DL: Well you say that…
ED: Well I realise now-a-days it’s not quite the same as it was maybe twenty years ago…
CP: Well it’s old school in the way that I’m not going to Pledge Music, not that I could any more, but I’m not doing anything like that. People ask me why I don’t go to a Fund Me type thing, and it all feels a bit cap in hand to me.
ED: But it’s also knowing what’s going to be the best way to package it and release it
ED: Because that seems to change on an almost…
ED: Yeah, daily basis
CP: We actually have a great guy named Paul Tippett who has been doing our artwork, and he’s done stuff for It Bites, and he’s done the Inglorious stuff as well – at least the first two albums. And he’s brilliant. So we’re going to go to him for the cover art and all that kind of stuff. But the Temple of One stuff, we’ve kind of gone to the elephant god Ginesh, which is the god of new beginnings and all that kind of stuff and the symbolism behind it. So I think we’re going to work around something like that. So with Temple of One, it’ll be more… well not esoteric, but that kind of thing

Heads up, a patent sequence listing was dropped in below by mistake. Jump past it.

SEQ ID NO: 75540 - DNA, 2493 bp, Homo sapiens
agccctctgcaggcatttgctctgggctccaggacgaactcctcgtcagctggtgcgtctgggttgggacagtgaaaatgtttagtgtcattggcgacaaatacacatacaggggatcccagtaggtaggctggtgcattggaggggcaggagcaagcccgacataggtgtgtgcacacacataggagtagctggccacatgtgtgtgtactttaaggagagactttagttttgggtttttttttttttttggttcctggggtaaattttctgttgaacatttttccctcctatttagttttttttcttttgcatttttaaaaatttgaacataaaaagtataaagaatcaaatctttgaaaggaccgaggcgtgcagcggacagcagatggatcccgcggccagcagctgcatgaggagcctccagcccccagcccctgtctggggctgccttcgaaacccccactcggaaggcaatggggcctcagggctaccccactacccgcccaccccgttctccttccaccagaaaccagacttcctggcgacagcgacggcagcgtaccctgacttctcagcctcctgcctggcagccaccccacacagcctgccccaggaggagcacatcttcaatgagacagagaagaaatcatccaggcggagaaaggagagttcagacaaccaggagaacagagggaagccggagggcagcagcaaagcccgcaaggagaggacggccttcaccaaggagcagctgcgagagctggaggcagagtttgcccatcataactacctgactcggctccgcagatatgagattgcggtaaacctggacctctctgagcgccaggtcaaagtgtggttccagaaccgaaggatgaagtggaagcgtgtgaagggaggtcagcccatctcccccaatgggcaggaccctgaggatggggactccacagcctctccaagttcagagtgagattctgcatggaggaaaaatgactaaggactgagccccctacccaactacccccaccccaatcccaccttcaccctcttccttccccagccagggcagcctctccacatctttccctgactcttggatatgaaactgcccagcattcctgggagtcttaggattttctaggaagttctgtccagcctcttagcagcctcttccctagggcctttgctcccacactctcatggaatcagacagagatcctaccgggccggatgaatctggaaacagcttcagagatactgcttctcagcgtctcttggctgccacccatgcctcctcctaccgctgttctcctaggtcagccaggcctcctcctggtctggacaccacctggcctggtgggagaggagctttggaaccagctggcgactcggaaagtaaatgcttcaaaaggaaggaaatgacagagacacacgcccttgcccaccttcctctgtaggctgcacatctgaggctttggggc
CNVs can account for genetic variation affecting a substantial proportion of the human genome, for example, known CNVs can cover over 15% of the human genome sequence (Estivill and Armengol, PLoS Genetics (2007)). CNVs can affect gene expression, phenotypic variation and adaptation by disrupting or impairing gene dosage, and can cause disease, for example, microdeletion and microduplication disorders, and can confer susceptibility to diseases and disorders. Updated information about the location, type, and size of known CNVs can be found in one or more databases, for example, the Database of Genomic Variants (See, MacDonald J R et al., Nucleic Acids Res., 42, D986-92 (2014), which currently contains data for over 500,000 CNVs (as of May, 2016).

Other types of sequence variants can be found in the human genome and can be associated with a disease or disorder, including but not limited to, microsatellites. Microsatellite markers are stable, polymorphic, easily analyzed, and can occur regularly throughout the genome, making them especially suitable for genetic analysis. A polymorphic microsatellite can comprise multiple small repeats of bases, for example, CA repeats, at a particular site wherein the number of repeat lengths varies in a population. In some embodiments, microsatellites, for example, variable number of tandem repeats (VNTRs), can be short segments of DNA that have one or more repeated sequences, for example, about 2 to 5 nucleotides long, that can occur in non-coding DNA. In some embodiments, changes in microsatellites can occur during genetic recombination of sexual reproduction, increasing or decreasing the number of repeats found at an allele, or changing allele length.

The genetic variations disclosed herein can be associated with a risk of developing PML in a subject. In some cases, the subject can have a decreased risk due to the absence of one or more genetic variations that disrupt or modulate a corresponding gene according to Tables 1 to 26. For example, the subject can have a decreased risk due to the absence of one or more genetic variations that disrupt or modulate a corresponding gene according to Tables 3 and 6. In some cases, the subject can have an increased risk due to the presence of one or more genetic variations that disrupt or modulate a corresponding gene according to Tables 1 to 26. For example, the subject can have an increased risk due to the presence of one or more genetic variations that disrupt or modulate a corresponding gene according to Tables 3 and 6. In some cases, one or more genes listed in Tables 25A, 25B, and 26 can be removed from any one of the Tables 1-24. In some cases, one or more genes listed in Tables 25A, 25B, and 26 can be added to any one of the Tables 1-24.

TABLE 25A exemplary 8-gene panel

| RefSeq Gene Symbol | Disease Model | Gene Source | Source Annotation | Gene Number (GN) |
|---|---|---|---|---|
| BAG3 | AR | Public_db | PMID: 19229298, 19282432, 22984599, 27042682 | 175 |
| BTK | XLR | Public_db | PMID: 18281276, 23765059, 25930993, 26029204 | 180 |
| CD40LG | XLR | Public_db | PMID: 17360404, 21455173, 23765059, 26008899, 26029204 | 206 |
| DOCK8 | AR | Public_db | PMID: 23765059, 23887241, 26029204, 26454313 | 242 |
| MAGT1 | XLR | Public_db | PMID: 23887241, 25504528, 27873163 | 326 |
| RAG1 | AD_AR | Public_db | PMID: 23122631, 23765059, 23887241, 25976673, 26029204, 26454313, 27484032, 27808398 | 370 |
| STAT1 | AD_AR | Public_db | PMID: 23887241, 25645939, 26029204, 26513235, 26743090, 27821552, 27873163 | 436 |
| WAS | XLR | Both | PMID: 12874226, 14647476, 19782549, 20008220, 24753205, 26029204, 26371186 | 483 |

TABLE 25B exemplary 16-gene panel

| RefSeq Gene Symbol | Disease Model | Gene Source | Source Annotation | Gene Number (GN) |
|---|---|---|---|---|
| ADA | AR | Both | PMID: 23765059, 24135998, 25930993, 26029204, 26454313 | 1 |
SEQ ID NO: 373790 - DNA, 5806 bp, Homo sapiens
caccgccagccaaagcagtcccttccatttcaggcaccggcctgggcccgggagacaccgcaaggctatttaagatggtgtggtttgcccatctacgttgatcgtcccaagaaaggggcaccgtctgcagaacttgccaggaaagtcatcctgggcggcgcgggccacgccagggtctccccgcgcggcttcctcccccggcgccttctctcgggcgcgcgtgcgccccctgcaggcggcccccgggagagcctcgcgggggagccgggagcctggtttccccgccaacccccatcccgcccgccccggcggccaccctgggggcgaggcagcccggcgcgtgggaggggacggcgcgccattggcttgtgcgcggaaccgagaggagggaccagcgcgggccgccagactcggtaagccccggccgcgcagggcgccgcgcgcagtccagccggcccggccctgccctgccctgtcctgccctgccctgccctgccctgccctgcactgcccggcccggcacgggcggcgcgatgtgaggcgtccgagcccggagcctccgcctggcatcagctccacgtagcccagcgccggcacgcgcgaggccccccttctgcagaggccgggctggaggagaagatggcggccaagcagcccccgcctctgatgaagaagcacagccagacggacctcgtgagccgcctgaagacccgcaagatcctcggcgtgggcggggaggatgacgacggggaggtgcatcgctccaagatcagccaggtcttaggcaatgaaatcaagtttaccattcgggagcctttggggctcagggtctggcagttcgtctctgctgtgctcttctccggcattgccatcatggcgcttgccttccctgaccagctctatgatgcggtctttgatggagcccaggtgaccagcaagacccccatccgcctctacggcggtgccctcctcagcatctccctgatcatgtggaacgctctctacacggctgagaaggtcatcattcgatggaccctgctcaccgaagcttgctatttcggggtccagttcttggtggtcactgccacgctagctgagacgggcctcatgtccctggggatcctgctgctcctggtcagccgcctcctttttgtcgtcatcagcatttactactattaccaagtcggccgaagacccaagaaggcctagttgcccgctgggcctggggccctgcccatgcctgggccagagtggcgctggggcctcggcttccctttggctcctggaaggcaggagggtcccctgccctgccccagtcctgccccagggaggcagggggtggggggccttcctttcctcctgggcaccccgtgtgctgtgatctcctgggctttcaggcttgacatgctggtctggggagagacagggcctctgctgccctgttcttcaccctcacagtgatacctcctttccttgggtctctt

ED: But that’s alright as well though, because so much out there is generic, and it’s always good to have something that’s a little bit out there…
CP: a bit different
ED: Yeah different, can’t be automatically put into a box, that’s your own, that you connect with and identify with as well…
CP: Yeah definitely
ED: How did you approach the creative process for writing the album, and how much of it was a collaborative effort? Is it like, “I’ve got this riff”, or “I’ve got this lyric”, and is it a full team effort?
CP: Yeah so ‘The Cards’ for example, we were rehearsing at The Joint in King’s Cross, and literally we just feed off each other. I came up with the first part of the riff, and Drew came up with the twiddly bit…
DL: I’m glad you remember all this…
ED: Yeah because there will be far more questions like this in your future…
CP: But we know each other’s playing off by hand…
DL: yeah yeah…
CP: We used to jam in the bedroom together…